Crash simulation with cars, nurses and victims

Mass Casualty Simulation to Teach and Test the Skills of DMACC Students

Posted 4/8/2019

​Annual Simulation Involves Ten DMACC Programs this Year

MEDIA ADVISORY 

WHO:
Students from ten DMACC programs will test their teamwork and critical thinking skills during an emergency situation.
 
WHERE:     
DMACC Ankeny Campus
2006 South Ankeny Blvd.  
Parking Lot L/M (In front of Trail Point Aquatics & Wellness) & Bldg. #24
Ankeny, Iowa  
 
The simulation will consist of a multiple vehicle accident in the parking lot and a hospital located in Bldg. #24 where the victims will be treated.     
 
WHEN:        
Monday, April 15; noon to 3 p.m.
 
Event will occur rain or shine and will only be cancelled if active lightning is present

WHAT: 
More than 350 students and faculty from five DMACC campuses and ten programs will participate in the simulation this year. 

The DMACC Paramedic students will triage and treat the “injured” then transport the most critical victims to the hospital.  Fire Science students will extricate victims from cars. Criminal Justice students will manage the scene and investigate the accident.
 
When victims are transported to the hospital Human Services, Medical Laboratory Technology, Nursing, Nursing Assistant, Respiratory Therapy and Surgery Technician students will treat their injuries and manage a variety of patient and family situations. Early Childhood Education students will participate in a simulated day care lock down situation early in the day.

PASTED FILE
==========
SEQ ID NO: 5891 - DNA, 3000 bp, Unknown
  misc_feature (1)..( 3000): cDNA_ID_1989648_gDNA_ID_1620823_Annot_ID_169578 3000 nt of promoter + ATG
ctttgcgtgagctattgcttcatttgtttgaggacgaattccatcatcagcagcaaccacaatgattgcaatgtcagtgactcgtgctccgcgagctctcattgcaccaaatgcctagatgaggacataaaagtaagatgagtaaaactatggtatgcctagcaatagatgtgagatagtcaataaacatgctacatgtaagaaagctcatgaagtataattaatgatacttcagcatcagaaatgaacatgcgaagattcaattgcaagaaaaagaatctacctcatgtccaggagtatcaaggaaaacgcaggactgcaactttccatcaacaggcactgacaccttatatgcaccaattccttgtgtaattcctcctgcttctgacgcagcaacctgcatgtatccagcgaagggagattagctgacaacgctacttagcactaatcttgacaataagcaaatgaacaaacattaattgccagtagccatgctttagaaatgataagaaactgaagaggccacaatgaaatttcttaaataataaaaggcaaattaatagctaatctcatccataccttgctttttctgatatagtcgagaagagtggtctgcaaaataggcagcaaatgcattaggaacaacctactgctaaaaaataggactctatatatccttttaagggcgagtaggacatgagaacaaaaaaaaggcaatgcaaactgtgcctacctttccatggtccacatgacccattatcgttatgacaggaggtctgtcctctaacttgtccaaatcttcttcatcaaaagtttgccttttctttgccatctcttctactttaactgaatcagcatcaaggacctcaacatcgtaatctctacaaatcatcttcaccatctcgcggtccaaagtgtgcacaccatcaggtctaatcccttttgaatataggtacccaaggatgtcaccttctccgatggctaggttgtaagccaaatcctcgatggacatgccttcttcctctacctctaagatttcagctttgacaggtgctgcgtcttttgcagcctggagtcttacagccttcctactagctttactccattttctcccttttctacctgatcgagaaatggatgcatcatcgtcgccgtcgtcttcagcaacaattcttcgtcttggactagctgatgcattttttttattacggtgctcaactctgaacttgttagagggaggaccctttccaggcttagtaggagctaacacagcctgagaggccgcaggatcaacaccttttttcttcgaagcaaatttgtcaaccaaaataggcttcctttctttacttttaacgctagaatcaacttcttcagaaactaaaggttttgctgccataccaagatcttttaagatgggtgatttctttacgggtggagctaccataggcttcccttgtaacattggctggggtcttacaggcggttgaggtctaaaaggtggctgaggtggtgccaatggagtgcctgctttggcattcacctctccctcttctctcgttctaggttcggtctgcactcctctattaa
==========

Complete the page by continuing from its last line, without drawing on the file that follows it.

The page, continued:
DMACC Nursing students will play the role of victims and family members to provide an opportunity to gain valuable insight.
 
DMACC’s fire truck will be on the scene.  The DMACC ambulance will transport the “injured” away from the crash site.  One of two Polk County Emergency Management Agency’s Mass Casualty Incident Trailers will be on site.
                                                                        
WHY:          

The simulation offers an opportunity for students from multiple programs to apply what they have learned in the classroom to be better prepared for “real life” emergencies. The scenario will test their communication, emergency response, prioritization, coordination and critical thinking skills, all under the intense pressure of a “life and death” scenario. As a result, the students will be better trained and prepared for real world experiences.
 
CONTACT:

Melody Bethards, DMACC Health and Public Services/Nursing Simulation Coordinator; (515) 967-7824; mlbethards@dmacc.edu

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